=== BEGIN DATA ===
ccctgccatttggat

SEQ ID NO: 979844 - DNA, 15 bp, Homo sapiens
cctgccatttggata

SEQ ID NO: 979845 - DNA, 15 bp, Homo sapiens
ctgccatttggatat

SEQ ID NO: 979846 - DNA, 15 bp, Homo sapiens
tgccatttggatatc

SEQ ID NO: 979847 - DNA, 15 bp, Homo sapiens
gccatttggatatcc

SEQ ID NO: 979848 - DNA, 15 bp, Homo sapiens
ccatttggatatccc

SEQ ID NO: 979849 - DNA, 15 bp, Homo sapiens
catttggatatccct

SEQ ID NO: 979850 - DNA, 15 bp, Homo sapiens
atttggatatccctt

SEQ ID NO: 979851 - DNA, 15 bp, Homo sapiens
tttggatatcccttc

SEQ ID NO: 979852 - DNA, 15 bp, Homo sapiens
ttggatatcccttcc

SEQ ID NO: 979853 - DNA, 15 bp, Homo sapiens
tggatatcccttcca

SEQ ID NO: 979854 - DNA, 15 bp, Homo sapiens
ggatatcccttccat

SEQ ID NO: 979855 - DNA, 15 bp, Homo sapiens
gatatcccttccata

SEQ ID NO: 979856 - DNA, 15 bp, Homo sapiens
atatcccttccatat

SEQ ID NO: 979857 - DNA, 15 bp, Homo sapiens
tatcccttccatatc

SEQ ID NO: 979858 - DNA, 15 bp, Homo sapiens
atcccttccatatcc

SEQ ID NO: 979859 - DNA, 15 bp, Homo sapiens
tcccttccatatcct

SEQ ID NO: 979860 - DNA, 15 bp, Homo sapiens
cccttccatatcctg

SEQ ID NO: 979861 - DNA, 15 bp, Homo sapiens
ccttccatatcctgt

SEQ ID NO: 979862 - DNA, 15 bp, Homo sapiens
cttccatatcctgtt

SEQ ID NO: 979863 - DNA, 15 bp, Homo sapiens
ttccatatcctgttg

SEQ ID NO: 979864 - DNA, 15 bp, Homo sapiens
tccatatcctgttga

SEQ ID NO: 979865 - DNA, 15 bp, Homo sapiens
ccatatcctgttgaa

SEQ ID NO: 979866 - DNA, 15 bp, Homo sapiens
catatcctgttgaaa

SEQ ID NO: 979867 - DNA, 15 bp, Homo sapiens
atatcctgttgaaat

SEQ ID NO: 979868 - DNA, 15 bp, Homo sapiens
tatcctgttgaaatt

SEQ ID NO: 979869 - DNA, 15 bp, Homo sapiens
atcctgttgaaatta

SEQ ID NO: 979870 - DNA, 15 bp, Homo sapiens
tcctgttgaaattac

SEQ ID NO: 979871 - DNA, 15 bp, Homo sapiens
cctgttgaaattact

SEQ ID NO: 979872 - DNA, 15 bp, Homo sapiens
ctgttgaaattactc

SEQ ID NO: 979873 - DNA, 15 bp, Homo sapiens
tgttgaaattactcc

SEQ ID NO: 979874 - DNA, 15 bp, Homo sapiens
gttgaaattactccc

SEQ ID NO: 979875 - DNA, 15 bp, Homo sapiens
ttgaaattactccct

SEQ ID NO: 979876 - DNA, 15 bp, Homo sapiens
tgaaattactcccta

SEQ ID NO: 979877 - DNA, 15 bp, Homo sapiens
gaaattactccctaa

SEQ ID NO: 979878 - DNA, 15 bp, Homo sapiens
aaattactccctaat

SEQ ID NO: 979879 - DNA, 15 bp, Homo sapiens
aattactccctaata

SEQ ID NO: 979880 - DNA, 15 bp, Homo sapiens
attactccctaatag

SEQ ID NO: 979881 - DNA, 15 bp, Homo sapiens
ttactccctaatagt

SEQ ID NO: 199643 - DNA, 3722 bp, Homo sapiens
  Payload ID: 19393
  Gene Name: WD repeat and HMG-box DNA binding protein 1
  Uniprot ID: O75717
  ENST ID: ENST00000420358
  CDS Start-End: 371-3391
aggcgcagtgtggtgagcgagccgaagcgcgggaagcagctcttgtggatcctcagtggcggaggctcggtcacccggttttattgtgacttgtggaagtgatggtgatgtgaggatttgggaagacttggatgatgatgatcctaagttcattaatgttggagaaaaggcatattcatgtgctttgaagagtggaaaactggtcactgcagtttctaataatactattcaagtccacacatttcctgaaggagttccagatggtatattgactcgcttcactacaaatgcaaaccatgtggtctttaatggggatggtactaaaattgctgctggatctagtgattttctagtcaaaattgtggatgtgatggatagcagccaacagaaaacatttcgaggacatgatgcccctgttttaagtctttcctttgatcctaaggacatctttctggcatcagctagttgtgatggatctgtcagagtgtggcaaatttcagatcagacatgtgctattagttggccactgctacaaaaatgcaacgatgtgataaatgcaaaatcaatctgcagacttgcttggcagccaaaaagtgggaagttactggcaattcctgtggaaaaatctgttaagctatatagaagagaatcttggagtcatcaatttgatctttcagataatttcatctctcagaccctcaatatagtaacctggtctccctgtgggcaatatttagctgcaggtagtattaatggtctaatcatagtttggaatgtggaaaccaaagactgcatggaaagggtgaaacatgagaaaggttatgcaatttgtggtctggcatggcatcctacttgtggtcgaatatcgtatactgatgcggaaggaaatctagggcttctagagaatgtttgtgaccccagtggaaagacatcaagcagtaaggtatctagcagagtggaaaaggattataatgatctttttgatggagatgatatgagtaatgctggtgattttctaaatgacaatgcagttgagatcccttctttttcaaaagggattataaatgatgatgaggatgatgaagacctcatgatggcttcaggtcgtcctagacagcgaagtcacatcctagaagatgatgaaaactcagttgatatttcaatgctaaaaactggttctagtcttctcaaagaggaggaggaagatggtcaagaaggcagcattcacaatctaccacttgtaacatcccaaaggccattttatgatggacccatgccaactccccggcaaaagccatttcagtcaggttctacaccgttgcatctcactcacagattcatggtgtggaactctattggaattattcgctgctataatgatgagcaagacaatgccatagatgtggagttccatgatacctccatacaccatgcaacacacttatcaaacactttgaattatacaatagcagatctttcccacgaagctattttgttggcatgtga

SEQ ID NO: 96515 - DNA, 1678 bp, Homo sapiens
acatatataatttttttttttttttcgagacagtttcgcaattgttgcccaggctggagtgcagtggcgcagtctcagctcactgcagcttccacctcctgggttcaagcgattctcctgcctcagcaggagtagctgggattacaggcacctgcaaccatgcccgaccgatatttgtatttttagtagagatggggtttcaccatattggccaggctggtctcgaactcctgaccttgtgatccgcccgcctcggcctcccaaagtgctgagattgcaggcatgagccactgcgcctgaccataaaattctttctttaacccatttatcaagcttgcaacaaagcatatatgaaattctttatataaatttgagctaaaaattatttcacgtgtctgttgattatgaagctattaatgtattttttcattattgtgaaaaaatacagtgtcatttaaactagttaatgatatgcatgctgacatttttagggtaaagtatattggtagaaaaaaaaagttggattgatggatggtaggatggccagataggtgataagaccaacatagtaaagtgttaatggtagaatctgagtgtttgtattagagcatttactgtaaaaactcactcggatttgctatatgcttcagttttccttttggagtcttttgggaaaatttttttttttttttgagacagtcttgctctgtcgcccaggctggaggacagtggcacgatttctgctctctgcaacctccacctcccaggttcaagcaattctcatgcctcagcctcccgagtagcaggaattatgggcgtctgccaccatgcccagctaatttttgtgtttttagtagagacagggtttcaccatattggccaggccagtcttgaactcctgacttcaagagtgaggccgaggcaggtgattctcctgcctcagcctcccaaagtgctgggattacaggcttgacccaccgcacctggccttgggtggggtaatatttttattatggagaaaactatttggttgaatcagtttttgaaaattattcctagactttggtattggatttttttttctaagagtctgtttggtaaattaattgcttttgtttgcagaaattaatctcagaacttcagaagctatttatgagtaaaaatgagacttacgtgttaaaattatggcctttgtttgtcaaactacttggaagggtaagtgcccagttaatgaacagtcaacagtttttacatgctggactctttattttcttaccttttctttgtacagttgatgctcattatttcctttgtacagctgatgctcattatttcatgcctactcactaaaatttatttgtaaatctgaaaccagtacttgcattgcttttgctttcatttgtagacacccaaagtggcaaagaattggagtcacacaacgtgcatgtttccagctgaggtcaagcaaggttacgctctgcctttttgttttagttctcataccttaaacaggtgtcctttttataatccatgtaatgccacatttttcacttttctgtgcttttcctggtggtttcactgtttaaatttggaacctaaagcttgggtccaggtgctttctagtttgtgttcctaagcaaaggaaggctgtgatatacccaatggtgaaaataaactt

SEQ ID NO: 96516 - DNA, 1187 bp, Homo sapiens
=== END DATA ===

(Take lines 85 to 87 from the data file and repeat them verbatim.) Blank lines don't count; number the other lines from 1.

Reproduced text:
SEQ ID NO: 96515 - DNA, 1678 bp, Homo sapiens
acatatataatttttttttttttttcgagacagtttcgcaattgttgcccaggctggagtgcagtggcgcagtctcagctcactgcagcttccacctcctgggttcaagcgattctcctgcctcagcaggagtagctgggattacaggcacctgcaaccatgcccgaccgatatttgtatttttagtagagatggggtttcaccatattggccaggctggtctcgaactcctgaccttgtgatccgcccgcctcggcctcccaaagtgctgagattgcaggcatgagccactgcgcctgaccataaaattctttctttaacccatttatcaagcttgcaacaaagcatatatgaaattctttatataaatttgagctaaaaattatttcacgtgtctgttgattatgaagctattaatgtattttttcattattgtgaaaaaatacagtgtcatttaaactagttaatgatatgcatgctgacatttttagggtaaagtatattggtagaaaaaaaaagttggattgatggatggtaggatggccagataggtgataagaccaacatagtaaagtgttaatggtagaatctgagtgtttgtattagagcatttactgtaaaaactcactcggatttgctatatgcttcagttttccttttggagtcttttgggaaaatttttttttttttttgagacagtcttgctctgtcgcccaggctggaggacagtggcacgatttctgctctctgcaacctccacctcccaggttcaagcaattctcatgcctcagcctcccgagtagcaggaattatgggcgtctgccaccatgcccagctaatttttgtgtttttagtagagacagggtttcaccatattggccaggccagtcttgaactcctgacttcaagagtgaggccgaggcaggtgattctcctgcctcagcctcccaaagtgctgggattacaggcttgacccaccgcacctggccttgggtggggtaatatttttattatggagaaaactatttggttgaatcagtttttgaaaattattcctagactttggtattggatttttttttctaagagtctgtttggtaaattaattgcttttgtttgcagaaattaatctcagaacttcagaagctatttatgagtaaaaatgagacttacgtgttaaaattatggcctttgtttgtcaaactacttggaagggtaagtgcccagttaatgaacagtcaacagtttttacatgctggactctttattttcttaccttttctttgtacagttgatgctcattatttcctttgtacagctgatgctcattatttcatgcctactcactaaaatttatttgtaaatctgaaaccagtacttgcattgcttttgctttcatttgtagacacccaaagtggcaaagaattggagtcacacaacgtgcatgtttccagctgaggtcaagcaaggttacgctctgcctttttgttttagttctcataccttaaacaggtgtcctttttataatccatgtaatgccacatttttcacttttctgtgcttttcctggtggtttcactgtttaaatttggaacctaaagcttgggtccaggtgctttctagtttgtgttcctaagcaaaggaaggctgtgatatacccaatggtgaaaataaactt

SEQ ID NO: 96516 - DNA, 1187 bp, Homo sapiens